Monday, March 16, 2015

"deepest roots of the heart" by chautona havig

A young man encounters more than he expected when he returns home following World War II to reclaim his home.

During WWII, Avelino Carrillo spent four harrowing years in the South Pacific with one thought driving his survival: to return to his beloved home in Napa Valley.

The Carrillos have a history in the valley that stretches deep, like grapevine roots in the soil. For a century, they worked the vineyard at their family home, la Casa de los Sueños, until they lost the property to a wealthy land baron. Now, Avelino is determined to reclaim the land and home he loves so much. When he meets Amelia, a young woman who lives at the vineyard with her grandfather, he finds that regaining his birthright isn’t his only struggle—he battles the longing of his heart as well.

Can Avelino overcome the local bigotry and personal demons that face him to create the life he desires?

Deepest Roots of the Heart intertwines two stories: one involving a WWII veteran in 1945 and one beginning in 1836 at the Battle of San Jacinto involving his namesake. Avelino Carrillo's story is intriguing: he returns home from war to discover a beautiful young woman and her grandfather living in the house he grew up in. As he works to regain ownership of his family's land and vineyard, he finds himself falling for Amelia, that young woman. But many things stand in the way of their happiness—poverty, prejudice, and Avelino's own stubborn pride.

As Avelino gets to know Amelia, he tells her the story of the first Avelino, Avelino Aguilar. Honestly, that story didn't intrigue me nearly as much as Avelino and Amelia's story did, and I found myself skimming the pages. Also, while the first Avelino's story wrapped up, the story of how the second Avelino's family came to be in possession of the vineyard didn't, and I thought that was the point of Avelino's story.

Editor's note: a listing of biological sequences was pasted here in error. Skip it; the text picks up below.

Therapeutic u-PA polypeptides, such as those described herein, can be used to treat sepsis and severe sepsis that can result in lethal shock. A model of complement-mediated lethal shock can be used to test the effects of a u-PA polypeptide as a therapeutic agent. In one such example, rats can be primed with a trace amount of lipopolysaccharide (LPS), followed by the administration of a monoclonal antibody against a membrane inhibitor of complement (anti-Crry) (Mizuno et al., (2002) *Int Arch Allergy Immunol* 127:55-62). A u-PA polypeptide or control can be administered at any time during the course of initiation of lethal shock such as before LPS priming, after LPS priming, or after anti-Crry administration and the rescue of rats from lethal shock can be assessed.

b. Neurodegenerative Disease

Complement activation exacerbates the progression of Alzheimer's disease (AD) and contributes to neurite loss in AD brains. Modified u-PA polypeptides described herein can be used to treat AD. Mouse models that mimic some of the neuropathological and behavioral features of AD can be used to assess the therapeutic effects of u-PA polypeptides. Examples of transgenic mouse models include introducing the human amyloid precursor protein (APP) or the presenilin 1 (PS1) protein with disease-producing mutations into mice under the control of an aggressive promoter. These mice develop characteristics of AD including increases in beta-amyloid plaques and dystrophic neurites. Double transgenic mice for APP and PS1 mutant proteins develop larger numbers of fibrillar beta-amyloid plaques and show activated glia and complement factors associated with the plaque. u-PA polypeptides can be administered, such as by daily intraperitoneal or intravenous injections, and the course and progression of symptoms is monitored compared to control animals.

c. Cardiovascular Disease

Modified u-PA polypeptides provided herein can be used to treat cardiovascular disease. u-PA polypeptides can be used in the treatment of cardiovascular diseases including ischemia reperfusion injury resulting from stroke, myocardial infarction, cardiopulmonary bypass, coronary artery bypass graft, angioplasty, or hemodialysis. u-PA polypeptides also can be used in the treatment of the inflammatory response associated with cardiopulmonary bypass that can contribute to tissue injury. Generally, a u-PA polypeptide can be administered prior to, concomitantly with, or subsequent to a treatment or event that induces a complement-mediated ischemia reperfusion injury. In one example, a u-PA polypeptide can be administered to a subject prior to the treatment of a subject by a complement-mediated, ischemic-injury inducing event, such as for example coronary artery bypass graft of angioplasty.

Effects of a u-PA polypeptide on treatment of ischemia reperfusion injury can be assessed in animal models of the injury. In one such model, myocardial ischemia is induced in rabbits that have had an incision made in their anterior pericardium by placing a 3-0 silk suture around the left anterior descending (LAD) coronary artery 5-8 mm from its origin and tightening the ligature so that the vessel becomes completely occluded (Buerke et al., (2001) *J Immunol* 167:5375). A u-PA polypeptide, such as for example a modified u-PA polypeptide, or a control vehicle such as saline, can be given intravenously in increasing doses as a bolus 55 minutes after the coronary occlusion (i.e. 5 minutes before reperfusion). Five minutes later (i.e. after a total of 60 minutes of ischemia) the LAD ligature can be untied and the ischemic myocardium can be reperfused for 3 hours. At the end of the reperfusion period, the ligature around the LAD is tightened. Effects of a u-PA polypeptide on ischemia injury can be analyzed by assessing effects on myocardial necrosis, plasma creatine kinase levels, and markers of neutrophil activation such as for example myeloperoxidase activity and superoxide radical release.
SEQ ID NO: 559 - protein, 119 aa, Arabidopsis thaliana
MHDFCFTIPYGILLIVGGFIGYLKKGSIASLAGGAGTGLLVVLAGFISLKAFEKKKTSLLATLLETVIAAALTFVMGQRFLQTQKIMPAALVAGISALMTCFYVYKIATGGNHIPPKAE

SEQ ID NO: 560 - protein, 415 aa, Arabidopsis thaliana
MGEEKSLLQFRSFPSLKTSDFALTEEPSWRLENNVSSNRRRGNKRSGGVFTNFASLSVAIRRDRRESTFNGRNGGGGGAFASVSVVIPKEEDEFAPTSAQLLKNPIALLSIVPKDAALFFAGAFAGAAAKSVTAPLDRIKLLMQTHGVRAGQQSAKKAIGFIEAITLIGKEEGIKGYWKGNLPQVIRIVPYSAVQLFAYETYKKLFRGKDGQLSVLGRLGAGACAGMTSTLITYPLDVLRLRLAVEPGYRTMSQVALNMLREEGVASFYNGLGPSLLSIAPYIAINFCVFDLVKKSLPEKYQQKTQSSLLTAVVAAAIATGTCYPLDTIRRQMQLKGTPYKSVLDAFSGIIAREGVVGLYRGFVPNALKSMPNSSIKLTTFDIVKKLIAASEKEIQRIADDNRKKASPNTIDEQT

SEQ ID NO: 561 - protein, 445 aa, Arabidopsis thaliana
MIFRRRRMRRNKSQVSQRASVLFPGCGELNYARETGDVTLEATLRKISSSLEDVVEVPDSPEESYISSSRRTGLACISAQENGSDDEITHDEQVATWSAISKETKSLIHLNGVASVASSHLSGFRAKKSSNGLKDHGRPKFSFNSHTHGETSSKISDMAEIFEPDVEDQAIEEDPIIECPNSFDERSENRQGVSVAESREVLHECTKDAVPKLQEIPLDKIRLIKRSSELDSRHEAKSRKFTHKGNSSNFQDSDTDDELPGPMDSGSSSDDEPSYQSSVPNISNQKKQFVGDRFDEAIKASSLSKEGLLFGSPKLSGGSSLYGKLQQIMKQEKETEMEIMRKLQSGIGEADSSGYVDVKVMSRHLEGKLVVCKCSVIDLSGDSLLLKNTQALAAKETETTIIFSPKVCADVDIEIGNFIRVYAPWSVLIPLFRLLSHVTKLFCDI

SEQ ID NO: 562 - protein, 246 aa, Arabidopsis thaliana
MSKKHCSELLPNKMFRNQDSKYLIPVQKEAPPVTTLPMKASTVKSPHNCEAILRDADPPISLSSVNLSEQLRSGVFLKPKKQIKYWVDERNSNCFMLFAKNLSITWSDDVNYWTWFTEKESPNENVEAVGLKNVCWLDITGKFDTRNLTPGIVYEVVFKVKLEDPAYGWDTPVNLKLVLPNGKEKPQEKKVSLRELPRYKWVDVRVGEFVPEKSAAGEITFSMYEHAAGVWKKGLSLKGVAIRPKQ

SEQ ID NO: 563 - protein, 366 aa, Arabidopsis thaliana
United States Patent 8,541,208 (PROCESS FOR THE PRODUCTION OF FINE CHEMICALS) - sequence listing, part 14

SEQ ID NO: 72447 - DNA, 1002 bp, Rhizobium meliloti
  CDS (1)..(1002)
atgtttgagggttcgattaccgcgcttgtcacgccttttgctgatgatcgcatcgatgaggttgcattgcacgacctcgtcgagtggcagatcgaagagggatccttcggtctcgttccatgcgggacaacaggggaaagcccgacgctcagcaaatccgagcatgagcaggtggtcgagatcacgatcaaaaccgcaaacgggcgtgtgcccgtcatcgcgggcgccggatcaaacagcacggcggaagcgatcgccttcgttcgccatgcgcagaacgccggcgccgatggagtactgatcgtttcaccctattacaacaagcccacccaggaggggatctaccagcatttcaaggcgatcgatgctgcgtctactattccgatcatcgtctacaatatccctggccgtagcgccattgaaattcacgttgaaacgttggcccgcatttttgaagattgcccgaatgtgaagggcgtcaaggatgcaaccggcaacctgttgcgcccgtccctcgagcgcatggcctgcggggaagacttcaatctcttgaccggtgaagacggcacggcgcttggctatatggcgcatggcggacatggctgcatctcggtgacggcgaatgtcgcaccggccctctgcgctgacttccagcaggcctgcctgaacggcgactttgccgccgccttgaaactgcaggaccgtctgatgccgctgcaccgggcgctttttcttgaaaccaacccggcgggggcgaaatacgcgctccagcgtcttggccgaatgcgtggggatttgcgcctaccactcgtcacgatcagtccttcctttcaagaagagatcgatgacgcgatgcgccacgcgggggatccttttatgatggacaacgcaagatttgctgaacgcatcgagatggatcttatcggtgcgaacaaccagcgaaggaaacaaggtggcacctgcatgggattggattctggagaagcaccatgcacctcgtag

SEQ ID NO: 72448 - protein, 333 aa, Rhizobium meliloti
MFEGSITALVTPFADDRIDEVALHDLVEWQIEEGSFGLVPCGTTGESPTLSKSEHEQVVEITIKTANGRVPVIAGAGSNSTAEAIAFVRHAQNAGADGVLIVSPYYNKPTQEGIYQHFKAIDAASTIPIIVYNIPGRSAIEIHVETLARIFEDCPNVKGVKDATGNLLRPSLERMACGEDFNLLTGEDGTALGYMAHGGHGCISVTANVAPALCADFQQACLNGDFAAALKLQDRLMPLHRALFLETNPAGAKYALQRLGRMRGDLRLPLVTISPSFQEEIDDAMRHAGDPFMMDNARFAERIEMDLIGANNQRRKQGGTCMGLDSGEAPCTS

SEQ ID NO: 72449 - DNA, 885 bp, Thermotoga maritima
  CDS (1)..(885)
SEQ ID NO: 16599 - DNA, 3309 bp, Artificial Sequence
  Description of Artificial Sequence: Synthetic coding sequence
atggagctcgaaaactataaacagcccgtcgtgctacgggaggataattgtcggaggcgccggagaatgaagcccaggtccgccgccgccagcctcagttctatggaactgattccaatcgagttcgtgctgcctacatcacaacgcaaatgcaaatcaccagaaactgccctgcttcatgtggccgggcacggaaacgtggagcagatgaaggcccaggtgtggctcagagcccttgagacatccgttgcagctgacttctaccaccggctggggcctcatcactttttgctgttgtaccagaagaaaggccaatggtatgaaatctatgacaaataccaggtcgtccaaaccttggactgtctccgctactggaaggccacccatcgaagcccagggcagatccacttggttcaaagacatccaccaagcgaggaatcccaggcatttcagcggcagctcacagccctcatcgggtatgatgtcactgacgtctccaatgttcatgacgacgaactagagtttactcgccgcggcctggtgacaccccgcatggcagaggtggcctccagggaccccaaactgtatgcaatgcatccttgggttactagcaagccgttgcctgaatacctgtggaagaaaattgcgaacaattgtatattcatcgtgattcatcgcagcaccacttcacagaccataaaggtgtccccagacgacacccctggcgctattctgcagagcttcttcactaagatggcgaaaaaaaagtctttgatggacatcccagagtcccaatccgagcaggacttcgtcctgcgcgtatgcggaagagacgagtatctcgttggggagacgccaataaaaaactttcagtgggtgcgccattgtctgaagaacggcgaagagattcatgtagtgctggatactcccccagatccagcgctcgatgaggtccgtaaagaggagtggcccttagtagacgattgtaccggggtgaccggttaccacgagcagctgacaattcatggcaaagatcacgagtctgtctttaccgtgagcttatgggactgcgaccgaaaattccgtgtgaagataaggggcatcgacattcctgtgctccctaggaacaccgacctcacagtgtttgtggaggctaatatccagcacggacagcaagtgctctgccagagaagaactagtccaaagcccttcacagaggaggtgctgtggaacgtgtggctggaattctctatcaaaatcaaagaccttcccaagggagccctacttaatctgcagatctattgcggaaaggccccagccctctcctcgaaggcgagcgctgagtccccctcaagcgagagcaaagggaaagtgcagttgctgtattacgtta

Deepest Roots of the Heart is well researched and written, but I felt like the story could have been told in about 100 fewer pages; it just seemed like the story dragged on a bit. It's not a bad novel, but it's also not as engaging as I would have liked. 3 stars.

Buy the book.

Chautona Havig is a prolific writer of fiction, including the popular Past Forward series and Ready or Not, among many other novels. When not writing, she enjoys paper crafting, sewing, and, of course, reading. She lives in a small, remote town in California’s Mojave Desert with her husband and seven of her nine children.

Disclosure of Material Connection: I received this product free for review from through its Vine reviewer program. I was not required to write a positive review. The opinions expressed are my own. Also, some of the links in the post above are “affiliate links.” This means if you click on the link and purchase the item, I will receive an affiliate commission. I am disclosing this in accordance with the Federal Trade Commission's 16 CFR, Part 255: "Guides Concerning the Use of Endorsements and Testimonials in Advertising."

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